/’skAn/ : a loosely coiled length of yarn or thread wound on a reel

Alpha vs Delta - Part I

Update: For all parts of this story, check the Alpha vs Delta category.

Remember the story pitches I posted? I got some comments from a pair of my favorite podcast authors. So, I started writing the 7th Son / Infection fanfic. I've got the plot outlined to pretty decent detail in notes, and I've worked out an ending. Let's see how this comes together - here's a first draft of part 1 of 5:

The snow crunched under Marten's feet as he made his way home from work at the computer lab on North Campus. His shift at the help desk had ended around five o'clock, but shorter days toward the end of the year meant it was already dark out. He cut across the yards of student family housing on the way back to his apartment a half-mile or so away. There were sidewalks, which in theory might've been the faster way, but campus maintenance didn't seem to do that great a job at keeping the paths shoveled up here. So, rather than do a slow shuffle all the way home on snow packed down into ice by a day's worth of foot traffic, he opted to forge his own route through the fresh stuff.

Of course, by the time he got to crossing Plymouth Road toward his apartment complex, his jeans had gotten soaked up to his shins, his hiking boots were soggy, and he wondered if this had been such a great idea after all. With a break in traffic, he hustled across the street. Waiting for him there was dinner, in the form of a triple cheeseburger, extra large fries, and a jumbo chocolate shake from the fast food place on the corner. He warmed up a bit, at least, with the time it took to order and fetch his greasy feast. The time it took to walk the rest of the way from there to his apartment building, however, left him with frozen pant legs.

He checked his mailbox outside, which was empty, and let himself into the building. His place was the last door at the end of the short hallway, fourth on the right. As he was stamping off the snow, though, his neighbor Laurel emerged from door across the hall.

"You're always coming when I'm going," she said, smiling shyly as she locked the door behind her. She was pretty, though just a little gawky. She had green eyes, dark hair chopped at her jaw line, and a cascade of silver rings in each ear.

"Yeah," said Marten, punctuated by a pull on his shake. He stared at the tattoo of a pentacle in the hollow of her neck and caught a haze of incense that followed her out into the hall.

There was a beat or two of shifty silence, broken when she gave a little laugh and said, "Well, I guess I'll catch you later."

"Yeah," said Marten. Shrugging, Laurel bundled herself up her a coat and scarf, and slouched past him into the cold outside. He took another pull from the shake and sighed when she was out of earshot.

To himself, he said, "You're a real ladies' man, Marten."

With that, he turned to his door — and noticed the package at his feet. With a little spike of excitement, he scooped it up and hurriedly let himself into the apartment. His dinner balanced precariously atop the box, he locked the door latch behind him with his elbow. Juggling things a bit and thankful he'd left the kitchen light on, he threw his coat and backpack off into a ratty recliner just inside. He never took his eyes off the address label on the box as he left a trail of slushy footprints back to the single bedroom.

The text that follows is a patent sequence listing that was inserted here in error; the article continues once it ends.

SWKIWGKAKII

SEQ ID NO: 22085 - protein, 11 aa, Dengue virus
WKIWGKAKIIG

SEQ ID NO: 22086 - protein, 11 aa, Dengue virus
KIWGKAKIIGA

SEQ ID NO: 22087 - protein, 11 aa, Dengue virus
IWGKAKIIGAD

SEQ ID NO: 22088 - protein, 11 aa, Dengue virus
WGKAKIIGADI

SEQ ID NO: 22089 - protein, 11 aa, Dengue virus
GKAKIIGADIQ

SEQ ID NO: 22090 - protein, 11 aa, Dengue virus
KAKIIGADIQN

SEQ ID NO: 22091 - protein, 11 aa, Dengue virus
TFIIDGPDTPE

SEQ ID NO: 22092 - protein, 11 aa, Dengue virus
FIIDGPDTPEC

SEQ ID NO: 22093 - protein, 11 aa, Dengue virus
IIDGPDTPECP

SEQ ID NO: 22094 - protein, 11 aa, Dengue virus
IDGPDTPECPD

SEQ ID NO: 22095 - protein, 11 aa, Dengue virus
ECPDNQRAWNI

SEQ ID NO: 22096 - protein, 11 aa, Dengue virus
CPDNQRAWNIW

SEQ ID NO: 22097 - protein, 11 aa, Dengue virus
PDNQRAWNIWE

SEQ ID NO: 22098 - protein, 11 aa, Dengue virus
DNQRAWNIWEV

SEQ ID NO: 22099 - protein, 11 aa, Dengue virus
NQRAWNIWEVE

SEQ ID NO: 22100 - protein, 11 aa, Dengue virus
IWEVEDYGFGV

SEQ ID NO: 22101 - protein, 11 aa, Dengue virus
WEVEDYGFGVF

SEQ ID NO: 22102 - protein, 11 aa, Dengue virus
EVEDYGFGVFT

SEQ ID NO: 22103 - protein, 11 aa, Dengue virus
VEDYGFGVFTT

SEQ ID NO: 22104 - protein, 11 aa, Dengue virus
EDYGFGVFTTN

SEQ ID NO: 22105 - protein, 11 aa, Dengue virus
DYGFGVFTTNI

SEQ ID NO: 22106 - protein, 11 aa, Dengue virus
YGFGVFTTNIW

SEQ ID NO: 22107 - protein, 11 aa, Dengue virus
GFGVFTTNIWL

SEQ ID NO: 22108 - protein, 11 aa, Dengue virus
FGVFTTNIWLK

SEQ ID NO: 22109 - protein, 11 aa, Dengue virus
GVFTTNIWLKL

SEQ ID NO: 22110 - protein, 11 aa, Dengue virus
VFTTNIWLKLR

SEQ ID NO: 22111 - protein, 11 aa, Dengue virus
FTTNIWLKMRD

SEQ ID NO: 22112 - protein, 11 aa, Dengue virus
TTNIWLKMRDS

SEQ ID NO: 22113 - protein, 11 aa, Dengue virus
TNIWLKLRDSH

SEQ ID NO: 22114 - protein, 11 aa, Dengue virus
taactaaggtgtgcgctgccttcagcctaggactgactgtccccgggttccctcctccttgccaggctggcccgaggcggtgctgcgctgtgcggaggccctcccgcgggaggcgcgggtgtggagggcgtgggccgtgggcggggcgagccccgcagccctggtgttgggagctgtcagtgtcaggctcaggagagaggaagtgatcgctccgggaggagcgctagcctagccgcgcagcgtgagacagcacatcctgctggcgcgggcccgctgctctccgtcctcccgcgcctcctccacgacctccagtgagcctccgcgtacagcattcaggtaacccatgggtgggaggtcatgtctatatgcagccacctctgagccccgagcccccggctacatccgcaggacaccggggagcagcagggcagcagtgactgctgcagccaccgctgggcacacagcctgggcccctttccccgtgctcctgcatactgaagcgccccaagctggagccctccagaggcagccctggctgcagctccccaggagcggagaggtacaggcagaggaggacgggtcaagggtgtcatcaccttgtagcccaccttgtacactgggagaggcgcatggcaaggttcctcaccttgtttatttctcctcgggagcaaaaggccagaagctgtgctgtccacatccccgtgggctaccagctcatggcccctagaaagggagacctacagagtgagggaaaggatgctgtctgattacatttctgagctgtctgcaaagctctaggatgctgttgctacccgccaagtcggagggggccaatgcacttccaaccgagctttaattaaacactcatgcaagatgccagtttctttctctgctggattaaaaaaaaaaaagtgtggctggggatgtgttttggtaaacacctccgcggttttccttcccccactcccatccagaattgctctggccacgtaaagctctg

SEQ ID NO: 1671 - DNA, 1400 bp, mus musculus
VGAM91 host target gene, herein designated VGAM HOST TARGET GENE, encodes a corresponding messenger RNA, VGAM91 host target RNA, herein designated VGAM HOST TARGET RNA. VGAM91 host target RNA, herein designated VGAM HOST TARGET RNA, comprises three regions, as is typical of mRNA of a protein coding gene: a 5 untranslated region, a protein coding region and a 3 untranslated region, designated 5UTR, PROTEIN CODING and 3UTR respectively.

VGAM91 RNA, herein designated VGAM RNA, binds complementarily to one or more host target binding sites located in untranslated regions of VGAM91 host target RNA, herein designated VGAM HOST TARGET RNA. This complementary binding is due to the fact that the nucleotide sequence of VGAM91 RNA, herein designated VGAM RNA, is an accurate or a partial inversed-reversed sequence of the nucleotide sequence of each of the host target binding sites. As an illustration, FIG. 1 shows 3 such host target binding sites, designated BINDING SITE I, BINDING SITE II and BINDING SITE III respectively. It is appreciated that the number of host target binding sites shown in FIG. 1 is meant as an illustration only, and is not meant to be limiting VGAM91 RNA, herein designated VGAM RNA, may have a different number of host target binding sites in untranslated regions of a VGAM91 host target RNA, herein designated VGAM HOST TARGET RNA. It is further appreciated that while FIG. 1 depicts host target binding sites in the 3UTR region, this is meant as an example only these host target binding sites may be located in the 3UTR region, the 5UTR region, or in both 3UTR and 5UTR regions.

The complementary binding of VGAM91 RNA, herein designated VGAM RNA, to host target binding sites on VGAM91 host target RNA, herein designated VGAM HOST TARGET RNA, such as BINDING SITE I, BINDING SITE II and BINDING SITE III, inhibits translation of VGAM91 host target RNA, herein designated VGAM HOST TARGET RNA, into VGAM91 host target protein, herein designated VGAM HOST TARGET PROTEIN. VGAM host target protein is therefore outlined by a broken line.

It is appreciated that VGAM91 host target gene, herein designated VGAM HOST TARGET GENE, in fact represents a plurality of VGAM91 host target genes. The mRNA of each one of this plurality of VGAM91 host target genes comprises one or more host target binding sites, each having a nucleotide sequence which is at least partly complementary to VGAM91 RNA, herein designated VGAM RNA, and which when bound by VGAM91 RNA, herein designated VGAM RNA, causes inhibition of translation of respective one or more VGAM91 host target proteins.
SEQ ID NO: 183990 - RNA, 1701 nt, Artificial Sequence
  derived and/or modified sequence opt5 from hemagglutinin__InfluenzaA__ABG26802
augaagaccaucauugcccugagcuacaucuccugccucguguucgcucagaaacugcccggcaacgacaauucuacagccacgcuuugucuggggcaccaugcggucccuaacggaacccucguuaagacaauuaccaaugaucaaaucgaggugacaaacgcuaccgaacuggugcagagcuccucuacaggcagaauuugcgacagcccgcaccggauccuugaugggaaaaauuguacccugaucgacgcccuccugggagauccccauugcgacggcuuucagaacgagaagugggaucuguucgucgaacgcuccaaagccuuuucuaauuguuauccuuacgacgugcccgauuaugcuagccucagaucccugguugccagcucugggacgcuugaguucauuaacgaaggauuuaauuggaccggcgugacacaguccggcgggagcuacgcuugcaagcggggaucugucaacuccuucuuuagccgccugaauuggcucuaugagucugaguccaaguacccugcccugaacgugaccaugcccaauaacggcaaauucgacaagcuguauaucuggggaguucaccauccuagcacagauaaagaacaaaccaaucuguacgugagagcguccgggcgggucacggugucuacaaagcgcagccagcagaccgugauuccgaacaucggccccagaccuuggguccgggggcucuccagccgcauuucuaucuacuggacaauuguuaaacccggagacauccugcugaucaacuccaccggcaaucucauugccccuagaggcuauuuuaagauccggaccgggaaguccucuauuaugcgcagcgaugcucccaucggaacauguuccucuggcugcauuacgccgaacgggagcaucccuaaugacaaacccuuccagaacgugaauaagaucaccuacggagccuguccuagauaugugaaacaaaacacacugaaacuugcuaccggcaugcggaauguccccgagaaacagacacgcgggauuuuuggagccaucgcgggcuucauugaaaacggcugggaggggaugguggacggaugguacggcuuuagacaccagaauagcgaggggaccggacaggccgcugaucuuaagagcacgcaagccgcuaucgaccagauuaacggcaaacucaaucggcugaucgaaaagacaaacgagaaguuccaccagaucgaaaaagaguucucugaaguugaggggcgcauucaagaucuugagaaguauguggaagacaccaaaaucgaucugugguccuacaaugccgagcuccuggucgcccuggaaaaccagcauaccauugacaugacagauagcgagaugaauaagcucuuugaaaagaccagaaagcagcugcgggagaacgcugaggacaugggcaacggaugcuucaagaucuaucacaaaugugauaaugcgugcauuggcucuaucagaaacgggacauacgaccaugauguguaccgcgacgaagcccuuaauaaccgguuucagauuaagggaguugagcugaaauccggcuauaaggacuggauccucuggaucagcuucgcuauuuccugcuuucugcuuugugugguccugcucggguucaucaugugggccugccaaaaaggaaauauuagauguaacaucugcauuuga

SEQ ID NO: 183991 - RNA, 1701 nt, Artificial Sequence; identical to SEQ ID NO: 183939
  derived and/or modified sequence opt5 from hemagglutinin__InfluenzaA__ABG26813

He bumped the lights on with his shoulder and was greeted by a rumpled twin-sized bed, along with semi-permanent piles of random laundry — none of which smelled at all like Laurel's incense. He swept past all of that though, because the important stuff was at the computer desk and attached workbench that filled up most of the tiny room. He carefully set the package and food down on the table top and, grimacing, was suddenly reminded of the condition of his pants and boots. He paused to untie, unlace, and kick off the footwear. Then, he stripped down to boxers and tossed the jeans aside. From a nearby pile, he produced a dry pair of jogging pants and pulled them on.

Finally, he parked himself in the office chair stationed at the center of the workspace. Winding down, he grabbed his cheeseburger and considered the package between bites. He scratched thoughtfully at the back of his neck and ate a few fries.

He couldn't believe it was here — and now that it was, he was almost afraid to open it.

It had started a few weeks before, when Marten posted some ideas from his ongoing post-graduate work to an obscure computational neuroscience listserv. Dating from the early 70's — the veritable days of networked antiquity — the email distribution list was populated by a lesser known cabal of PhDs and grad students. It was also rumored to have a number of government spooks quietly observing — the list had a rich history of folklore and in-jokes surrounding these lurkers.

Participants in the groups used aliases as often as real names, so the only things that really carried weight and granted reputation were verifiable ideas and consistency. Anything else resulted in cranky ridicule and an eventual boot from the list. This was something from which few ever returned, virtually speaking.

It was with that danger in mind that he declared being on the verge of extracting a complete human neural state vector, along with an algorithmic understanding of the brain's in-built signal redundancy and error correction.

In other words, he was convinced that he was just a few steps away from downloading a copy of a human mind — memories, skills, personality, and all. Not only that, but in studying the brain as an information system, he'd uncovered some interesting natural structures and patterns. They pointed him toward ways in which damaged or missing portions of the system could be rebuilt and filled in from the whole of the remaining parts. He was probably getting ahead of himself, but he suspected that someday this stuff could be used to fix brain damage and cure senility, among other things.